(CN) – Looking to provide reporters cover from President Donald Trump’s rhetoric and incessant bashing of the news media, U.S. Rep. Eric Swalwell wants to make it a federal crime to assault a working journalist.
The California Democrat, who is actively considering a 2020 presidential bid, reintroduced the Journalist Protection Act Tuesday along with two Senate Democrats.
“From tweeting #FakeNews to proclaiming his contempt for the media during campaign rallies, the president has created a hostile environment for members of the press,” said Swalwell in a statement. “We must protect journalists in every corner of our country if they are attacked physically while doing their job, and send a strong, clear message that such violence will not be tolerated.”
Swalwell introduced the same proposal in February 2018, but it didn’t advance past the formerly Republican-held House. With Democrats now overwhelmingly in control, Swalwell and Senators Richard Blumenthal, D-Conn., and Robert Menendez, D-N.J., agree now is the time to try and pass new protections for the Fourth Estate.
“Over 200 years ago, our Founding Fathers had the foresight to recognize the importance of a free press to a fledgling democracy,” said Menendez in a statement. “A free and independent press – a strong Fourth Estate – is essential to the American people and our democracy, ensuring an informed public and holding those in power accountable.”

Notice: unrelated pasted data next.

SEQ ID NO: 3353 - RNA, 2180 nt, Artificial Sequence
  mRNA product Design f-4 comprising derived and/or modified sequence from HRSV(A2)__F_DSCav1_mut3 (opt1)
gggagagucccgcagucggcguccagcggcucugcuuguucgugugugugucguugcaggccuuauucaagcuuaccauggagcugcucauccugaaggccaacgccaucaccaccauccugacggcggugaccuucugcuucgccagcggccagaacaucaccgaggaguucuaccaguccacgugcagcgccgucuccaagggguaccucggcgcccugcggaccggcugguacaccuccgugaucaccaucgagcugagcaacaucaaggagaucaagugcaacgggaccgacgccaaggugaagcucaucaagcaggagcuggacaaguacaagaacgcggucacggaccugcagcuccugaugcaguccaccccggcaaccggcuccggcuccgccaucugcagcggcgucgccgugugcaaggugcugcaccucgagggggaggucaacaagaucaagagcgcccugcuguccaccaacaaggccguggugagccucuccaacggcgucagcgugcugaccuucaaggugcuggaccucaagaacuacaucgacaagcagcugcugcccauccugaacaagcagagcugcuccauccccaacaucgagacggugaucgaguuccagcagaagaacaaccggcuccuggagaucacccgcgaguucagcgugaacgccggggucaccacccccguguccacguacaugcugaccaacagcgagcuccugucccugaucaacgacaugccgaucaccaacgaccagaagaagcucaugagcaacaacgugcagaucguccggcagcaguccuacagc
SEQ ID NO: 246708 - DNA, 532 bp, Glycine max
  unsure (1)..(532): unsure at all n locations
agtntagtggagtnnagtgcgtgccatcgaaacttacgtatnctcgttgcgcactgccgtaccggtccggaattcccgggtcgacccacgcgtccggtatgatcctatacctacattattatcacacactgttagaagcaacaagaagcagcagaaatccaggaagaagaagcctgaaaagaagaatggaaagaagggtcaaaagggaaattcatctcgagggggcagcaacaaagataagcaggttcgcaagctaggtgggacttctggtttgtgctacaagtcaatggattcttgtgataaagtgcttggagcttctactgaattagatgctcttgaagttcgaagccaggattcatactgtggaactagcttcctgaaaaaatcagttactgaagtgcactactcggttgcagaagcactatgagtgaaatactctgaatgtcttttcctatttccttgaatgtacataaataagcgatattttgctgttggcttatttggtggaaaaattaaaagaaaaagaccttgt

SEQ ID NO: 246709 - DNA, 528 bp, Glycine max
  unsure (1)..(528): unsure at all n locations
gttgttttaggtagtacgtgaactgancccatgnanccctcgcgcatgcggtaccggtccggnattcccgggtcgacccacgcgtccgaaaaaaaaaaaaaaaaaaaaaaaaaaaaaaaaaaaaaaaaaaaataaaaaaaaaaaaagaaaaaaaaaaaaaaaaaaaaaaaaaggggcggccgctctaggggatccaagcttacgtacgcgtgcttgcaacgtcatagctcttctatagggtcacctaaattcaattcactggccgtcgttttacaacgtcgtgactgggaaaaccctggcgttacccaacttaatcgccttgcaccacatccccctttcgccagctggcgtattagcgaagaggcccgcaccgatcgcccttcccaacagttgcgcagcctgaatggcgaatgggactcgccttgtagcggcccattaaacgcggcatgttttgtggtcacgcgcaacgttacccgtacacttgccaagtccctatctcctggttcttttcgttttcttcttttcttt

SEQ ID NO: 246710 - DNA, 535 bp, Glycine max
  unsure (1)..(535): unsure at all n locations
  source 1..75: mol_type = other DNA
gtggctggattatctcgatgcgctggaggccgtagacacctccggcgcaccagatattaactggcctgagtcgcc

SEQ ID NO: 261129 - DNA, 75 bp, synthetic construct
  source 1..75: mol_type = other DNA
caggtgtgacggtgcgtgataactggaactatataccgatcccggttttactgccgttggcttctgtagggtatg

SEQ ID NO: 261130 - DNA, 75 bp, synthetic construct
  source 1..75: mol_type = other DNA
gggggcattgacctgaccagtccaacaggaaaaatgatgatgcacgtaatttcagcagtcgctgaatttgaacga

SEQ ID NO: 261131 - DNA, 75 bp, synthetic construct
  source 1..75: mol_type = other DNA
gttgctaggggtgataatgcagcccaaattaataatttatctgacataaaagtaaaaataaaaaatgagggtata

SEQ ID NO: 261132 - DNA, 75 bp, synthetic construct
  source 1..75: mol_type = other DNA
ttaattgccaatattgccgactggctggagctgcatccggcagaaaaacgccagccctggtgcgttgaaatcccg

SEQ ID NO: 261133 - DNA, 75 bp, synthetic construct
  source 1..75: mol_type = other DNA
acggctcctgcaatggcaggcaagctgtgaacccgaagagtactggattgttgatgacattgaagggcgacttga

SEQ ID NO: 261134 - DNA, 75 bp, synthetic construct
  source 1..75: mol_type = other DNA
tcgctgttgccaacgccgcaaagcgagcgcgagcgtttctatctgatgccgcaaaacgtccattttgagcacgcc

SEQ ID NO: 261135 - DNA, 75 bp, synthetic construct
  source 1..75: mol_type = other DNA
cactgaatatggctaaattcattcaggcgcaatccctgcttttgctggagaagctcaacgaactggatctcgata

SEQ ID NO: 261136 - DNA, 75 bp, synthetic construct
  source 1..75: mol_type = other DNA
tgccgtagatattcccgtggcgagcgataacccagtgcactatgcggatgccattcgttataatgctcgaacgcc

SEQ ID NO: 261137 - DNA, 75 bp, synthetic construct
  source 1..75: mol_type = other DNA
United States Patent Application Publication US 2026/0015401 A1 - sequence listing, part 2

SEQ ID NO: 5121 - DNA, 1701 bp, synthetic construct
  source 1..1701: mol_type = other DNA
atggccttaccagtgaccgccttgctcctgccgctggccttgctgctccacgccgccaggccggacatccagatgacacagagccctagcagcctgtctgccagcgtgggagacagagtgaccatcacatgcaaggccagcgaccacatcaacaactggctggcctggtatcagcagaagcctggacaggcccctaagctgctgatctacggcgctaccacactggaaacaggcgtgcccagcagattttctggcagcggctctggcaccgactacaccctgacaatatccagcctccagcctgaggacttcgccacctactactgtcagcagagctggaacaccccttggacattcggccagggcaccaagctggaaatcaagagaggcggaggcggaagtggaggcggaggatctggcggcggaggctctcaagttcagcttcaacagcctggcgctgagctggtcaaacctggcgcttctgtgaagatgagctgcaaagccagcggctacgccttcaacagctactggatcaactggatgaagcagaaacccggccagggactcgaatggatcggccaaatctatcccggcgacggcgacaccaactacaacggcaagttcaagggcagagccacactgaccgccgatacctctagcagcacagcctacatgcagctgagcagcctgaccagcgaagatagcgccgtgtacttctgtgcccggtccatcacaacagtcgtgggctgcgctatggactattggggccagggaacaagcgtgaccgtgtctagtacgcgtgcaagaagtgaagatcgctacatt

There have been many high-profile attacks and threats against journalists in just over two years of the Trump presidency, causing Reporters Without Borders to drop the U.S. to 45th in its World Press Freedom Index. The Paris-based organization blames the drop on Trump’s repeated claims that the press is the “enemy of the American people,” and his calls to revoke broadcasting licenses from outlets that criticize his administration.
Journalists have been assaulted while covering Trump’s campaign and presidential rallies, including last month in Texas where a man sporting a MAGA hat attacked a BBC reporter. Also last month, U.S. Capitol Police officers shoved several journalists who were attempting to interview lawmakers in the Senate basement and a local television news crew was robbed and shot at while covering a teacher strike in Oakland, Calif.
Several news media and journalism organizations are lining up behind the bill, which was introduced during Sunshine Week – an annual nationwide celebration of press freedom and open government.
“Forty-eight journalists faced physical attacks while gathering and reporting the news in 2018, as documented by the U.S. Press Freedom Tracker. More than two dozen newsrooms have received hoax bomb threats, disrupting their operations,” said Melissa Wasser, director for News Media for Open Government. “Not only is the role of the news media in our democracy under attack, but the safety of individual journalists is threatened.”
The Democrats’ proposal makes it a “federal crime to intentionally cause bodily injury to a journalist affecting interstate or foreign commerce in the course of reporting or in a manner designed to intimidate him or her from newsgathering for a media organization.”
“This bill makes clear that engaging in any kind of violence against members of the media will simply not be tolerated,” Blumenthal said in a statement.